Background: Mounting evidence points to lipid accumulation in the diseased kidney and its contribution to progression of nephropathy. We recently found heavy lipid accumulation and marked dysregulation of lipid metabolism in the remnant kidneys of rats with chronic renal failure (CRF). Present study sought to determine efficacy of niacin supplementation on renal tissue lipid metabolism in CRF.
Methods: Kidney function, lipid content, and expression of molecules involved in cholesterol and fatty acid metabolism were determined in untreated CRF (5/6 nephrectomized), niacin-treated CRF (50 mg/kg/day in drinking water for 12 weeks) and control rats.
Results: CRF resulted in hypertension, proteinuria, renal tissue lipid accumulation, up-regulation of scavenger receptor A1 (SR-A1), acyl-CoA cholesterol acyltransferase-1 (ACAT1), carbohydrate-responsive element binding protein (ChREBP), fatty acid synthase (FAS), acyl-CoA carboxylase (ACC), liver X receptor (LXR), ATP binding cassette (ABC) A-1, ABCG-1, and SR-B1 and down-regulation of sterol responsive element binding protein-1 (SREBP-1), SREBP-2, HMG-CoA reductase, PPAR-alpha, fatty acid binding protein (L-FABP), and CPT1A. Niacin therapy attenuated hypertension, proteinuria, and tubulo-interstitial injury, reduced renal tissue lipids, CD36, ChREBP, LXR, ABCA-1, ABCG-1, and SR-B1 abundance and raised PPAR-alpha and L-FABP.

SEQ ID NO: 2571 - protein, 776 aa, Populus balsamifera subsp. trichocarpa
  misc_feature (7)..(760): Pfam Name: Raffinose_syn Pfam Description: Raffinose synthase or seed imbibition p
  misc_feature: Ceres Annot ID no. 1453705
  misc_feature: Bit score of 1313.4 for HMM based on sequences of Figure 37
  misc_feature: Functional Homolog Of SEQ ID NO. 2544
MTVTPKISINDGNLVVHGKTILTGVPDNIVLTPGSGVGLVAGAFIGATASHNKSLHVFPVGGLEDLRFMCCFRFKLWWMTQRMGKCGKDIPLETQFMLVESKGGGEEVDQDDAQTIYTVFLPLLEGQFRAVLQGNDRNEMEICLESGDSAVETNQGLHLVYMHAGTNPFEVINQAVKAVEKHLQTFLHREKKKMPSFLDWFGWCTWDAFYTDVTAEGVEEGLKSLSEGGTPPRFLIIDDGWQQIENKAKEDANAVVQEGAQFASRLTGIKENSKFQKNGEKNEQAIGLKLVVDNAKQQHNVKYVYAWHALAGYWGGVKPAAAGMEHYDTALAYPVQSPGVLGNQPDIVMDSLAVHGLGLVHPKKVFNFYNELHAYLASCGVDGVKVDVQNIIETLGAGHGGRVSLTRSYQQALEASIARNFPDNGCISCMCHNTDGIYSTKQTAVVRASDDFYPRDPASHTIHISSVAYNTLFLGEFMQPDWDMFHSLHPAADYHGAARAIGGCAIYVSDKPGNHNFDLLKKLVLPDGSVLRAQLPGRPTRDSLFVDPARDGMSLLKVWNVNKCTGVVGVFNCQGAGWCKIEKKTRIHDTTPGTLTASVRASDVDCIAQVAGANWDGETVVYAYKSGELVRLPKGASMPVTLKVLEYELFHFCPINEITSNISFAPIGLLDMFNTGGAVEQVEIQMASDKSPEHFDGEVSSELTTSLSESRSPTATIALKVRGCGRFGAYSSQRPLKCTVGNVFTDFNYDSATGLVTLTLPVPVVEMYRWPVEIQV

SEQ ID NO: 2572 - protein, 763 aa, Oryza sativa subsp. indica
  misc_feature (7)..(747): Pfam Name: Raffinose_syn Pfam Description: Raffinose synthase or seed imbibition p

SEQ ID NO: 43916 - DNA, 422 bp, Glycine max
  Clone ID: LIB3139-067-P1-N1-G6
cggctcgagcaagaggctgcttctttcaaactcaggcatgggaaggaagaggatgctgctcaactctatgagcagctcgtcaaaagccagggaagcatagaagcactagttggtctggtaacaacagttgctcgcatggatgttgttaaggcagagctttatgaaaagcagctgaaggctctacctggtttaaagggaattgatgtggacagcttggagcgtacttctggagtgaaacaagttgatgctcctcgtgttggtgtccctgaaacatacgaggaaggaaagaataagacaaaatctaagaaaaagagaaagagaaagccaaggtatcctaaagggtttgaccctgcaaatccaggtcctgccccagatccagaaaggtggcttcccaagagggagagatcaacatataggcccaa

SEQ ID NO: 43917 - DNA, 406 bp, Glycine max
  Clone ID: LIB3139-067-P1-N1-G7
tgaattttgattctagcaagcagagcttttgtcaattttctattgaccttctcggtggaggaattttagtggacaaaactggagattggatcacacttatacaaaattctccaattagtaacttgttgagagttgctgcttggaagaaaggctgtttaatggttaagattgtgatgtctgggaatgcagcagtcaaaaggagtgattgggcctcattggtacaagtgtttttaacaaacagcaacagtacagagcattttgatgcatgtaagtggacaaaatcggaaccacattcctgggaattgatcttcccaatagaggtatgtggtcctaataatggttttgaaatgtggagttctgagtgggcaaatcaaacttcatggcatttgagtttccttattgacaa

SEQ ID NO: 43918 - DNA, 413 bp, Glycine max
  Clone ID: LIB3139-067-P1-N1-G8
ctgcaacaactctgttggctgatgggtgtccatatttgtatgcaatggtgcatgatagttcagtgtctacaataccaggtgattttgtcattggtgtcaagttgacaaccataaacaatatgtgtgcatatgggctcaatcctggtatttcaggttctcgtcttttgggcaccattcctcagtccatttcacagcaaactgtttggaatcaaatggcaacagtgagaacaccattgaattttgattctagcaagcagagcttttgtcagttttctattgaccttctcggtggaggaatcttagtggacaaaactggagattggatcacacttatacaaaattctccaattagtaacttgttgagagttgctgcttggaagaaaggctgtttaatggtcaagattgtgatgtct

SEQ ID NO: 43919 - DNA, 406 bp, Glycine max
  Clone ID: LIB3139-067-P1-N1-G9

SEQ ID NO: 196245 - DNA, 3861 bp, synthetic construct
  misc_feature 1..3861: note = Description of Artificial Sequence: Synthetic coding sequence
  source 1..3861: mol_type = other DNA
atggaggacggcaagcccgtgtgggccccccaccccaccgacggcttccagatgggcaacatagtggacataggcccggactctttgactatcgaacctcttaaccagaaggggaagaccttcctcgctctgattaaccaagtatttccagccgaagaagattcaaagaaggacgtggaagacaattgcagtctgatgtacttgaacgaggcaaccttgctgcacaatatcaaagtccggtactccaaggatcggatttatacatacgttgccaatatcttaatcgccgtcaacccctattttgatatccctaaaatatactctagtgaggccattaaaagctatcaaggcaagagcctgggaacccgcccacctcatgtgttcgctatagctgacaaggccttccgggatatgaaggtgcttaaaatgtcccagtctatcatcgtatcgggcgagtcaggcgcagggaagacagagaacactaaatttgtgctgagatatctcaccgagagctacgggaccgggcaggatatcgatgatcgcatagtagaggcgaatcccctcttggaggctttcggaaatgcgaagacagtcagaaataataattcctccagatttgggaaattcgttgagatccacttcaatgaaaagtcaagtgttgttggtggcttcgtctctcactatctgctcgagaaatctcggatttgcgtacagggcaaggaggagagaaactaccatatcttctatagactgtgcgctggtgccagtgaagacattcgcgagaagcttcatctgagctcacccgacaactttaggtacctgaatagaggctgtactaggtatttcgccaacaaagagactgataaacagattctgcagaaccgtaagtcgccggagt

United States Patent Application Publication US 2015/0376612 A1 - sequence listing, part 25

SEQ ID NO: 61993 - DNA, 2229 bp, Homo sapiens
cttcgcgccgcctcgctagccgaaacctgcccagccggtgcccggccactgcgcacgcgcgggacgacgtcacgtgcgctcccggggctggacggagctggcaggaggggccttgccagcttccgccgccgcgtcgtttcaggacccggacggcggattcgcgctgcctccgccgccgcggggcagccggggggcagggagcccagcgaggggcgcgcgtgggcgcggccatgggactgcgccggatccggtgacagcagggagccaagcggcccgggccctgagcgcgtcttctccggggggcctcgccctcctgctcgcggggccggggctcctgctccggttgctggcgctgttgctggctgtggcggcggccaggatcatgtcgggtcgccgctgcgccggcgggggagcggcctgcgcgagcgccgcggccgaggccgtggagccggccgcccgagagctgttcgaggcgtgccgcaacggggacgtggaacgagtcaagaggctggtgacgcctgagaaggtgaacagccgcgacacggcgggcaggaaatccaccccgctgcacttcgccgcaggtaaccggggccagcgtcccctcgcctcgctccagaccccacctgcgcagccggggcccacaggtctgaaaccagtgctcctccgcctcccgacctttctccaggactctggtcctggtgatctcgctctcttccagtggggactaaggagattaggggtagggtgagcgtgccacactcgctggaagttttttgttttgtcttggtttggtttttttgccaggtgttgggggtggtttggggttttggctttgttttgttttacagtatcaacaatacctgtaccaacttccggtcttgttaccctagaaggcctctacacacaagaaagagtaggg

Conclusions and general significance: Niacin administration improves renal tissue lipid metabolism and renal function and structure in experimental CRF.